Am I the only person who found ‘Darkest Hour’ slightly tedious?

by angelamfindlay

Darkest Hour’s depiction of Churchill in May 1940 is getting standing ovations in cinemas across Britain and America. It will no doubt sweep a mantleshelf of awards into its lap too. Am I the only audience member who was a little bored and slightly sickened by it?

Yes of course, Gary Oldman is truly great as the blatantly alcoholic, often fowl-mouthed, war-mongering Churchill, and the film is beautifully shot and directed etc. etc. And of course winning the war and defeating Hitler was a good and essential thing, something to be celebrated. BUT this black and white, reductionist, at times sentimental, ‘Hero beats Villain’ narrative has now been re-hashed ad nauseam.

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Can the British not come up with a more original, nuanced take on the World War Two story? Can it just for once include some of the more uncomfortable truths about Britain’s role? Like Churchill’s refusal to send aid to the people of Bengal in 1943, leaving them to starve? Like Britain’s own prevailing anti-Semitic attitudes? Like the behaviour of some of the allied soldiers who felt justified in raping, looting and intimidating civilians? If we are going to have another film about Churchill, couldn’t it focus on the 1945 allied policy of the Potsdam Treaty to transfer / expel all German-speaking populations remaining in Poland, Hungary, Romania, Yugoslavia and Czechoslovakia, many of whom had lived there for hundreds of years, to the now 25% reduced German territory. “A clean sweep will be made,” said our hero Churchill about the idea. Later, with 14 million German women, children and elderly on the move, freezing or starving to death or being murdered or raped, he came to call the mass expulsion a “tragedy on a prodigious scale.”

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Other European countries are turning the events of World War Two over and over in their minds, inspecting them from infinite, non-nationalistic angles. Look at the harrowing 2015 Danish-German movie ‘Land of Mine’ about the teenage German soldiers, forced to clear the minefields along the Danish coast after the end of the war. Neither side comes out well. It’s not about the winners and the losers, the heros and the villains, it’s about the moral, practical dilemmas faced by all individuals of those times; about the tragedy and fall out of war; about the hero and villain within each and every one of us.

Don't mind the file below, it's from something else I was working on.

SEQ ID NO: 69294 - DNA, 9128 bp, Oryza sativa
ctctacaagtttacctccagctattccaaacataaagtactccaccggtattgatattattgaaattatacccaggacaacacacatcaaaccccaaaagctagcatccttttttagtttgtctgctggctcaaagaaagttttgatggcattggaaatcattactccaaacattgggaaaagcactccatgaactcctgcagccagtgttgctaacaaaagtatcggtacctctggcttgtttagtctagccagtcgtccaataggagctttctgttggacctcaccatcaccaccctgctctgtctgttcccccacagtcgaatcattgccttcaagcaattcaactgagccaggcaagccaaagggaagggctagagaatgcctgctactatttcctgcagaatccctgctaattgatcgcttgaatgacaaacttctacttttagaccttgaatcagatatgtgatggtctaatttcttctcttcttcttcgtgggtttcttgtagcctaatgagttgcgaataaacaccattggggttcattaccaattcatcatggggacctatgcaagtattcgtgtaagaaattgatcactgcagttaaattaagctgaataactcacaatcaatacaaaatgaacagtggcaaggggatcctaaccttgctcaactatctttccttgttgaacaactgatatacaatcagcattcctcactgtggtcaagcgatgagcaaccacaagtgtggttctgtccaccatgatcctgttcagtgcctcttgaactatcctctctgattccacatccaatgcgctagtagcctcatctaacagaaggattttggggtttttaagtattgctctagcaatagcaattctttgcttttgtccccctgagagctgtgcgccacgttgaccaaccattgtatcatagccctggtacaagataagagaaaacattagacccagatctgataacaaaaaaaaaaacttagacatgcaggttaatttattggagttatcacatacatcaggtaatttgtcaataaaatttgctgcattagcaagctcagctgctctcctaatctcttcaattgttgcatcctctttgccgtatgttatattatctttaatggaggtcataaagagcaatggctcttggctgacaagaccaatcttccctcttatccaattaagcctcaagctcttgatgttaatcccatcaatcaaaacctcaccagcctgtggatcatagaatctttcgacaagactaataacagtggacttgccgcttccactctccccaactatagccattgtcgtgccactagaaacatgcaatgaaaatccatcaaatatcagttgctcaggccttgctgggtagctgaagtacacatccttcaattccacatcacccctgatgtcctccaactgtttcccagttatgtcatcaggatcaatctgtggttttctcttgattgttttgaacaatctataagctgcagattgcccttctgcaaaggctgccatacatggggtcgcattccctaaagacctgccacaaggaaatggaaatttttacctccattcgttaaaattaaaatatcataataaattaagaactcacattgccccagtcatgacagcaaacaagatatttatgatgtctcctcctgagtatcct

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I am sure I am not the only one who is genuinely bored of seeing and hearing privileged, white, often elderly men in positions of power leading their countries into war and destruction or greed-driven bankruptcy? So, instead of harking back to a victory that is over 70 years old; instead of whipping up audiences into nostalgic frenzy and feeding their desperate hunger for strong leadership and Britain to be “great” again; instead of white-washing our own failings and mistakes, why not focus on things that genuinely would make Britain great again… today?

Can we not, for example, become world leaders in a speedy banishment of damaging plastic products and thereby become great for our forward-looking contribution to saving the planet? Can we not address the devastating inequality of our education system and become great by creating a system that is truly beneficial for all the various needs of young people? Can we not address the inhumane conditions in which we hold prisoners, guilty or not, and become great for our mature, preventative and rehabilitative approach to those disadvantaged by violent upbringings or lack of positive guidance? Can we not be great for our fair, affordable, punctual, green and efficient housing policies or transport systems? The list is endless…

Darkest Hour looks back wistfully to a national hero who, yes, was great at the time in leading the country to victory. But he was not just hero and Britain was not just heroic. Whole nations never are just one thing. There are always nuances, endless shades of grey and it is time that we, as a nation of brilliant minds and hearts, stop wheeling out the old favourite national narratives like we wheel out the old war veterans every November, ignoring their wobbly voices pleading “None of it was worth even a single life”.

For as long as we give our war heroes standing ovations, we will be able to justify war. For as long as we project our own national villain onto others we will be stuck in a binary discussion of Me = goody, hero; Them = baddy, lesser, monster, threat, enemy… we know where that leads. To me, Britain will be really great when our leaders, policies and ceremonies acknowledge the full and wider impact of war and suffering and demonstrate that they genuinely want to avoid it.

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